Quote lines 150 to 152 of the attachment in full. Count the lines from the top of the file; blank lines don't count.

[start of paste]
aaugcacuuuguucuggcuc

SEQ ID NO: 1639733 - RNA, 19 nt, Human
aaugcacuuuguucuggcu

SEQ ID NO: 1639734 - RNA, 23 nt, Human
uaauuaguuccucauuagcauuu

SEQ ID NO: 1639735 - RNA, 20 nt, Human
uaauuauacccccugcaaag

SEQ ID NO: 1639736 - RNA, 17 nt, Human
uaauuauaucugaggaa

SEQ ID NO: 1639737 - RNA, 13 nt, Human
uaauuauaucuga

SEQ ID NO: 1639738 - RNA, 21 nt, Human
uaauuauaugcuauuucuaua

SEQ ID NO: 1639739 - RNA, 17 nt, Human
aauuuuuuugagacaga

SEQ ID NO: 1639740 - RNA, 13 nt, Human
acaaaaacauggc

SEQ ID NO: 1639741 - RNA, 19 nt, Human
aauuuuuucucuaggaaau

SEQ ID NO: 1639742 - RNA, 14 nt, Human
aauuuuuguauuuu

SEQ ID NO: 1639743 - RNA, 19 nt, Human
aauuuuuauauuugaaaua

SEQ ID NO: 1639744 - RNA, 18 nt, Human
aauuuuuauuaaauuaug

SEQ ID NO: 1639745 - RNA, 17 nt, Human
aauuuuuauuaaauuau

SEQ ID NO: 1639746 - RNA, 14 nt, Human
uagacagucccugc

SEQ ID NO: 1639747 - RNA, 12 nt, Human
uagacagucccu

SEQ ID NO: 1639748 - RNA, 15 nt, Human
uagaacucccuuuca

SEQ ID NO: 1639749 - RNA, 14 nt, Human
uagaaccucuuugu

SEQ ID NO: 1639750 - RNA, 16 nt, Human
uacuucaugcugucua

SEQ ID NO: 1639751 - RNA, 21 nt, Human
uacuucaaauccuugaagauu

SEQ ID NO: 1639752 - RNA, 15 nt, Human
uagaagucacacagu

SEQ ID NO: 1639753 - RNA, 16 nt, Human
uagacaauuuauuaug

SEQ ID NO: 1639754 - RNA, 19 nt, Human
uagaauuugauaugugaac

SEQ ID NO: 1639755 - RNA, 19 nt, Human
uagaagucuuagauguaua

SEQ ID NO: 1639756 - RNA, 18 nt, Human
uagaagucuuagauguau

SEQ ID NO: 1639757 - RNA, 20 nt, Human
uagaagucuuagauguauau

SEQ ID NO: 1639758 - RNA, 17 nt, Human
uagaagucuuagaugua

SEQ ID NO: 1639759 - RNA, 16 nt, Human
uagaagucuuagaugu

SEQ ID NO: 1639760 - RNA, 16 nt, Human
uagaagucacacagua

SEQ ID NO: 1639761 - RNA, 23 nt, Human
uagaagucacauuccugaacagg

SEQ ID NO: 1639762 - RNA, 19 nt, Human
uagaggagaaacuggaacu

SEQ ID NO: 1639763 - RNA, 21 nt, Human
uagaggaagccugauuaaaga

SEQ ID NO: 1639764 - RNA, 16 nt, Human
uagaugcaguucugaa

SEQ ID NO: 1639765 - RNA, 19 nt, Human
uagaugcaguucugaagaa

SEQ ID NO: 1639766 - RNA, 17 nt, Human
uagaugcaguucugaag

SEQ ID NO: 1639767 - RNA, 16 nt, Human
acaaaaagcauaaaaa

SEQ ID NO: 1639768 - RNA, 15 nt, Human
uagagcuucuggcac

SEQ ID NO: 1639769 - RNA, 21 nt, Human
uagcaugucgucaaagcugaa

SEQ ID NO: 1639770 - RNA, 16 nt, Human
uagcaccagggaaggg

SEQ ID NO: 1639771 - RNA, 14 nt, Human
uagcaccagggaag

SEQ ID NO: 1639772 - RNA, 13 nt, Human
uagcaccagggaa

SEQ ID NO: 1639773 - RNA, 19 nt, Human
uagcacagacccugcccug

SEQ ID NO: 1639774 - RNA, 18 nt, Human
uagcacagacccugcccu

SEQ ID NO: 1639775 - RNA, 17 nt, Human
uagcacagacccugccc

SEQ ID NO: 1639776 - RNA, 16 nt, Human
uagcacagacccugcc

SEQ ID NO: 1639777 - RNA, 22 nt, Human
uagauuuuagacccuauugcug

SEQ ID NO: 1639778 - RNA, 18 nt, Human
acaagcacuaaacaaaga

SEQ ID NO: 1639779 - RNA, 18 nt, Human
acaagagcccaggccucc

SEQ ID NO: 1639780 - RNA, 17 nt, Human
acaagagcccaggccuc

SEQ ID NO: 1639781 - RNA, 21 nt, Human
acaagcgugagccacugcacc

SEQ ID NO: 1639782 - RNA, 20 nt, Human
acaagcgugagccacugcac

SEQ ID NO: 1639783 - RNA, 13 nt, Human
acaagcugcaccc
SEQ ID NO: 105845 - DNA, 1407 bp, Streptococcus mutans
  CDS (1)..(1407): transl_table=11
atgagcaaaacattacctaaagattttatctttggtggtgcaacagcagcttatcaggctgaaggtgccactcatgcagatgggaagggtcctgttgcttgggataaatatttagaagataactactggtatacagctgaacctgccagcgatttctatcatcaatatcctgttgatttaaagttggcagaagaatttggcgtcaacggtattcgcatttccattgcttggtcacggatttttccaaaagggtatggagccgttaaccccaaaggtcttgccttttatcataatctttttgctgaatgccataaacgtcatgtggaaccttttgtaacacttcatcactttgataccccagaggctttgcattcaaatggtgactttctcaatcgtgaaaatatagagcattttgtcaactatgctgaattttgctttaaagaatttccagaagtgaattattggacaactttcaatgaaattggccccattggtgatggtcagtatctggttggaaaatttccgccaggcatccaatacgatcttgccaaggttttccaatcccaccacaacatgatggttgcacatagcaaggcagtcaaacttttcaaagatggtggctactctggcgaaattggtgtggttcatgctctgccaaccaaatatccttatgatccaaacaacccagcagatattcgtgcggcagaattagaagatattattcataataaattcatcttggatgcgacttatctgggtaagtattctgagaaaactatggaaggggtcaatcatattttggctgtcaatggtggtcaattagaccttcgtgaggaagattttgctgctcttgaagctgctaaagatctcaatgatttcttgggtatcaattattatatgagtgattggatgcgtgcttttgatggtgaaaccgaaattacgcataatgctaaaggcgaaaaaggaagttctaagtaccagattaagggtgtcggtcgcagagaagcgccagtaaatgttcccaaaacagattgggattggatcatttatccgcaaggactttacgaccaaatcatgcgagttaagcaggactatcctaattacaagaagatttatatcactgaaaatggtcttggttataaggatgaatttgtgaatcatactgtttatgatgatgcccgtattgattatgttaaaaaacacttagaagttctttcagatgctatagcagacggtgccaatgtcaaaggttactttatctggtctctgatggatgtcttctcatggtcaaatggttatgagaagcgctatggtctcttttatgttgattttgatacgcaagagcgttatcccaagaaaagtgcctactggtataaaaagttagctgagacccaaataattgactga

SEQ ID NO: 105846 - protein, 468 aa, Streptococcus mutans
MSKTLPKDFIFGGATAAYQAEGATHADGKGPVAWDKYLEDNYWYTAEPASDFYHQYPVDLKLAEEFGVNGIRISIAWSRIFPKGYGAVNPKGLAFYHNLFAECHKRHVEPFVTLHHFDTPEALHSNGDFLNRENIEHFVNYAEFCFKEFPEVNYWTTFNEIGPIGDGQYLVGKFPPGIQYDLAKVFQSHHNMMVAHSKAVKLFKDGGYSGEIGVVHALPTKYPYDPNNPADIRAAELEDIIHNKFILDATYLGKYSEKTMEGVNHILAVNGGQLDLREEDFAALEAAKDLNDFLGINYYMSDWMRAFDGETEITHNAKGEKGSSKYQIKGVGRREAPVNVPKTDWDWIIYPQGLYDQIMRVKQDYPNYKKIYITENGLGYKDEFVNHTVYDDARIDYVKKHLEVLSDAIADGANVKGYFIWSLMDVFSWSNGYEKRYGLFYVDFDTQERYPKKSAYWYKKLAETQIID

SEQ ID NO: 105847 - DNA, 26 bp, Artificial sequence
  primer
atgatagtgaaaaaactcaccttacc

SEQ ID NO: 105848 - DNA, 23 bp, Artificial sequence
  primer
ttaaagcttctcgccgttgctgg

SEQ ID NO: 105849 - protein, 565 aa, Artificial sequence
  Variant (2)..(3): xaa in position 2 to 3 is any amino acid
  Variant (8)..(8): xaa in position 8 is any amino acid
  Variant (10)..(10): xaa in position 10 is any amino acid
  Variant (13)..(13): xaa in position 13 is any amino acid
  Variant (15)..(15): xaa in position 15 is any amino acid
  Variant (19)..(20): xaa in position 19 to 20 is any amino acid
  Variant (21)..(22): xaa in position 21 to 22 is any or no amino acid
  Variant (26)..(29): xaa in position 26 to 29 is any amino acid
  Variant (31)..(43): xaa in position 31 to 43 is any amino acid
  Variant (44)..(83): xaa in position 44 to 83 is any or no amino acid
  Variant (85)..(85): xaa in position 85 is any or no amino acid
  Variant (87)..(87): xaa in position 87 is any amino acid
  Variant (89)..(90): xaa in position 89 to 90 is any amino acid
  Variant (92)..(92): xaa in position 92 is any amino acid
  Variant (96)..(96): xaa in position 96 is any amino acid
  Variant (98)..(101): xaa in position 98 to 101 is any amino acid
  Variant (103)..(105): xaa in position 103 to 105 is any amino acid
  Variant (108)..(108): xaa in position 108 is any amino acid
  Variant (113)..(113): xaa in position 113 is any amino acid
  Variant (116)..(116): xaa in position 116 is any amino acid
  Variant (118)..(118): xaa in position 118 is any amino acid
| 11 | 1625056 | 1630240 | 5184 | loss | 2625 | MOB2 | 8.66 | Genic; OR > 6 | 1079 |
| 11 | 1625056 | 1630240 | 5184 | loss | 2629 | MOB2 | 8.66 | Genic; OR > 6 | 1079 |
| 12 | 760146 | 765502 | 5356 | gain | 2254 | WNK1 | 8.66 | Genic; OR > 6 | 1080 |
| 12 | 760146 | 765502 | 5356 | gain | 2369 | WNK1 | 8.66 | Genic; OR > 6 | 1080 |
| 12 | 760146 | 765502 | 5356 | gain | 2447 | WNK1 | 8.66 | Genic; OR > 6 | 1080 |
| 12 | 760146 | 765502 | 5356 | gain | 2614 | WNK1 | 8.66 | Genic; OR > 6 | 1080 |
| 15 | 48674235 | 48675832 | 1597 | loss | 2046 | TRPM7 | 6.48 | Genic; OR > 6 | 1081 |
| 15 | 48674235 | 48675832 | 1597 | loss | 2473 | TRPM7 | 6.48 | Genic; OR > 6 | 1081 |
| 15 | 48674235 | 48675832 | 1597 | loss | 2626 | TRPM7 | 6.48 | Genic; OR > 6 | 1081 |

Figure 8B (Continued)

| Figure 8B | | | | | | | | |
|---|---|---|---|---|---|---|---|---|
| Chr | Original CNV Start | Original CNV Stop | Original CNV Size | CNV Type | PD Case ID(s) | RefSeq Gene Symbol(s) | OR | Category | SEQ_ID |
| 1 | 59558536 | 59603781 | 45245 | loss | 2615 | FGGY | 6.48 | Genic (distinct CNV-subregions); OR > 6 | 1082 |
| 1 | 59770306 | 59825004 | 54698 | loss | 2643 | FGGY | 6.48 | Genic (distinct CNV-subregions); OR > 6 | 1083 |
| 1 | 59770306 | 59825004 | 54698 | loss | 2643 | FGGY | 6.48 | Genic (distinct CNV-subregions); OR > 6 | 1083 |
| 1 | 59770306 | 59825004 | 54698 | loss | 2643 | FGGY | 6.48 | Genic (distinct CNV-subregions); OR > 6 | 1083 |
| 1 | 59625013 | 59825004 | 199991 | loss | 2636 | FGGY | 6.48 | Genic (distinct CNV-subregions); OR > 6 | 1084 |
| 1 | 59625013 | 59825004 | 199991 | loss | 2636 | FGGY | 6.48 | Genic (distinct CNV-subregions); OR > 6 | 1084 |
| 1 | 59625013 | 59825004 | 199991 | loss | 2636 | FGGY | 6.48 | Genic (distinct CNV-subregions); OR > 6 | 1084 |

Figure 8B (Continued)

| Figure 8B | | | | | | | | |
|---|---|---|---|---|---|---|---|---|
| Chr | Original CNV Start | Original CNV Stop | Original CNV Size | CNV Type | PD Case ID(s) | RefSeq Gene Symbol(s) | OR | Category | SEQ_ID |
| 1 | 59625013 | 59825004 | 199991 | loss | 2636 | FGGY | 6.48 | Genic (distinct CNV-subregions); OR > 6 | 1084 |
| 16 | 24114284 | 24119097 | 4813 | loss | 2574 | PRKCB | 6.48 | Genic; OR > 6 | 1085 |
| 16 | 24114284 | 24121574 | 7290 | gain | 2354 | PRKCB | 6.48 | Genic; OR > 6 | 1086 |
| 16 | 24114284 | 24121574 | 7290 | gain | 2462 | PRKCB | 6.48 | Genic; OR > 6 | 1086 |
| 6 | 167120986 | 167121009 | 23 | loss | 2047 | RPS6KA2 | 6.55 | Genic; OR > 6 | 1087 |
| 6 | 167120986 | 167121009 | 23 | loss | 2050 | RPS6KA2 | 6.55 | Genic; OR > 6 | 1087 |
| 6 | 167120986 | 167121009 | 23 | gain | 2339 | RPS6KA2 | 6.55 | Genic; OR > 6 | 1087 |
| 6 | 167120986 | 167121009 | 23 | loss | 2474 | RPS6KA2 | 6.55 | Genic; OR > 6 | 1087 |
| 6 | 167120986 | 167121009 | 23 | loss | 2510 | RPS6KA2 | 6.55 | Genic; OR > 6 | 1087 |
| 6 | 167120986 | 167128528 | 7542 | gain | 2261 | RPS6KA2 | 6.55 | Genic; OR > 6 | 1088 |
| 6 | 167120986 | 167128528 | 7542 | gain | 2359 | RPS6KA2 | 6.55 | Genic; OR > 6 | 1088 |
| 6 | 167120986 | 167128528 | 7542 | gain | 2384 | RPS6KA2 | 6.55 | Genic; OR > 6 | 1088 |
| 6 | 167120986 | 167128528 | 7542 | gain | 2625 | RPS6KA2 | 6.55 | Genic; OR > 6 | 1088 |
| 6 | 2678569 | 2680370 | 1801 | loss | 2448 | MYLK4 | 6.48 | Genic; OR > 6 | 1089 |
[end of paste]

| 1 | 59558536 | 59603781 | 45245 | loss | 2615 | FGGY | 6.48 | Genic (distinct CNV-subregions); OR > 6 | 1082 |
| 1 | 59770306 | 59825004 | 54698 | loss | 2643 | FGGY | 6.48 | Genic (distinct CNV-subregions); OR > 6 | 1083 |
| 1 | 59770306 | 59825004 | 54698 | loss | 2643 | FGGY | 6.48 | Genic (distinct CNV-subregions); OR > 6 | 1083 |